Court Ruling Backs Teachers' Right To Strike

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Teachers in Wilkes-Barre, Pa., have won back the right to hold selective strikes under a state appellate court's ruling.

The district had sought a court injunction to prevent the practice after members of the Wilkes-Barre Education Association, an affiliate of the National Education Association, held sporatic walkouts in November and December of 1984, during a contract dispute.

The strikes ranged from 10 minutes to one day, and resulted, in several cases, in the closing of schools.

The Commonwealth Court, in a 4-to-3 decision this month, ruled that intermittent walkouts by teachers do not jeopardize the health, safety, and welfare of the public.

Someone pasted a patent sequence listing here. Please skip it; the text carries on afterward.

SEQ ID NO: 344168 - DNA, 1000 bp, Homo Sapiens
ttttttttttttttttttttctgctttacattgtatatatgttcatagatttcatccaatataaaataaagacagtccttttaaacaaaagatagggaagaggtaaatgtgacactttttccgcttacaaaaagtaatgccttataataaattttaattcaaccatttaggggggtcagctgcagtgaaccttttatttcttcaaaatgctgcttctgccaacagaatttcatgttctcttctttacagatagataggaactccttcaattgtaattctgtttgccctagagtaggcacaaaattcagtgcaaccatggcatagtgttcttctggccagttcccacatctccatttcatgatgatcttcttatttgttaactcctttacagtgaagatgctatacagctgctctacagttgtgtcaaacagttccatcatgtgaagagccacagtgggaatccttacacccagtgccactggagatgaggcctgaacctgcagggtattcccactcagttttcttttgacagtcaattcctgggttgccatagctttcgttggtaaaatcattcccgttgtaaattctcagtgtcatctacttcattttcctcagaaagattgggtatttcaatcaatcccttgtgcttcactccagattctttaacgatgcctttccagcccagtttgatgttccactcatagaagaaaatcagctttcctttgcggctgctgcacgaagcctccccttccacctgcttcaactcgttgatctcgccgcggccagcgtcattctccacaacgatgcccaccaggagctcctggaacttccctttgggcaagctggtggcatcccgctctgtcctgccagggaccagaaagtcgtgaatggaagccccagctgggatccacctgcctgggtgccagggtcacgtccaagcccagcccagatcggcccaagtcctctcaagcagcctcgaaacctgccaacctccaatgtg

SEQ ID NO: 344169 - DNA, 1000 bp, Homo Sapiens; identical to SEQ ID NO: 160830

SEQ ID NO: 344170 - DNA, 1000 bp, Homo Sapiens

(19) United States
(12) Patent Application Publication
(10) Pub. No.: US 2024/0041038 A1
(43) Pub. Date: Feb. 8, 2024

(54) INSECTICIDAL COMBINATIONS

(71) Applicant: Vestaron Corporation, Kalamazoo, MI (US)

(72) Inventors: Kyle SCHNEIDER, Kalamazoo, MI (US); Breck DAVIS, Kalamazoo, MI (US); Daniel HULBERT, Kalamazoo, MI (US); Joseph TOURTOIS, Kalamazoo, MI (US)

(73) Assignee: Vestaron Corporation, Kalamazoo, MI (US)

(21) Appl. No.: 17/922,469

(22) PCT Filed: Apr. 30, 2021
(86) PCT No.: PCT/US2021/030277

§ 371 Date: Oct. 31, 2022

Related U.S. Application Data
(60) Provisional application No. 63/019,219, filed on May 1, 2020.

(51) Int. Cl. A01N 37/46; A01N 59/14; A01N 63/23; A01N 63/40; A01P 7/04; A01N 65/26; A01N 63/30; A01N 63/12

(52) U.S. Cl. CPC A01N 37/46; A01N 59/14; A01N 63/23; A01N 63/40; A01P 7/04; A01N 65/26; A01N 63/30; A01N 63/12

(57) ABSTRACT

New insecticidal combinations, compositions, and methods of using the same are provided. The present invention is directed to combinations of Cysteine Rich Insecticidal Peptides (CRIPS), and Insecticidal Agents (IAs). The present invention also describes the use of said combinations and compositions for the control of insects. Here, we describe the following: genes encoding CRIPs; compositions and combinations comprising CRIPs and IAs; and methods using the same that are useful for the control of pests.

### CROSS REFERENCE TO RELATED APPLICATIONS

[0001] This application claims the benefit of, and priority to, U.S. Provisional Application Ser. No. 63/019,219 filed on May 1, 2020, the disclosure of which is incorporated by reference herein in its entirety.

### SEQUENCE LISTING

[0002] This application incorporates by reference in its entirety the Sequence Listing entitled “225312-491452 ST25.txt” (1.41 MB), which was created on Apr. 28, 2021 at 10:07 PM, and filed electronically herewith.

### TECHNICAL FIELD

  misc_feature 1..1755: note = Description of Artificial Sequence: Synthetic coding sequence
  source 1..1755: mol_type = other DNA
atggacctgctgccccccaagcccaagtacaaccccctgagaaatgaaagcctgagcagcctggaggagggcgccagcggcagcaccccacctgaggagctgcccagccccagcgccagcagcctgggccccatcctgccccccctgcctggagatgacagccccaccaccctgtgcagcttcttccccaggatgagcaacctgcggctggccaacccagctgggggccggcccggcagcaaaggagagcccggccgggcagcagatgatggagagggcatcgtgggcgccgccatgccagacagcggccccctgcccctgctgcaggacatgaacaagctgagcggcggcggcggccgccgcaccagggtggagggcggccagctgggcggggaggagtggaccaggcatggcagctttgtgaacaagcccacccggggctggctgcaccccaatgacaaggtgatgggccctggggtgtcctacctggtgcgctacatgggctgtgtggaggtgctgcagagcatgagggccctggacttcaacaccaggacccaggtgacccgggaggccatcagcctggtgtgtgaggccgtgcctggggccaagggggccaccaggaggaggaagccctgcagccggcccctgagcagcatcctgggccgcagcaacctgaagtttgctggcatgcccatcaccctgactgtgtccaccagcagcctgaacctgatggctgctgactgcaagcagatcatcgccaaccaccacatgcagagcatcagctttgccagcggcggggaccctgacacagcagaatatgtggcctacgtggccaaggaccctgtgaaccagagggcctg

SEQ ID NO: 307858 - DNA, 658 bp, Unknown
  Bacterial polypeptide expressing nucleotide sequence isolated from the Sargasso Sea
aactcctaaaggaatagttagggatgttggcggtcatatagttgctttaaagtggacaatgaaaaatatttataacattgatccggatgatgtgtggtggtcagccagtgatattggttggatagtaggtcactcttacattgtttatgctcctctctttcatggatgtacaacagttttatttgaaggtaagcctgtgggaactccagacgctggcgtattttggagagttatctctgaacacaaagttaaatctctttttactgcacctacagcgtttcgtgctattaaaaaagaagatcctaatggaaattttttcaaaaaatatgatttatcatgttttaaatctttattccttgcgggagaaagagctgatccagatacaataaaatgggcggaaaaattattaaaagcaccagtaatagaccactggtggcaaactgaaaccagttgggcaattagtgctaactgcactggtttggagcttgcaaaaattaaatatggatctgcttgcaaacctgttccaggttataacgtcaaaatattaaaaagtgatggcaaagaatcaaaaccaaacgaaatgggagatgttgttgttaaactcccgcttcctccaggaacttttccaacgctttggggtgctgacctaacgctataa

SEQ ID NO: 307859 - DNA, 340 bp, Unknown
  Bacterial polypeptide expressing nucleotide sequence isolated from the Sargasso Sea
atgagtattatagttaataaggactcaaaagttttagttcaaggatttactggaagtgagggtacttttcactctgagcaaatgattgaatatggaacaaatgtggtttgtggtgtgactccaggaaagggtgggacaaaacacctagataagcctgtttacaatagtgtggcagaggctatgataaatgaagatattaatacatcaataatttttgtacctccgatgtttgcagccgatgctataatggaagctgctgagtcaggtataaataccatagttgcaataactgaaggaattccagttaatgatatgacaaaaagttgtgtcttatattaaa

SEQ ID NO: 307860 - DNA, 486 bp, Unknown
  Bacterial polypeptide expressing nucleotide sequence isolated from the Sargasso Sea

The action overturned a decision by the Common Pleas Court of Luzerne County that had barred the practice since 1985.

The school board voted last week to appeal the decision, according to Leo Solomon, the district's superintendent of schools.

Mr. Solomon said that selective striking is not a "fair type'' of strike because it results in children's being left unattended at their schools.

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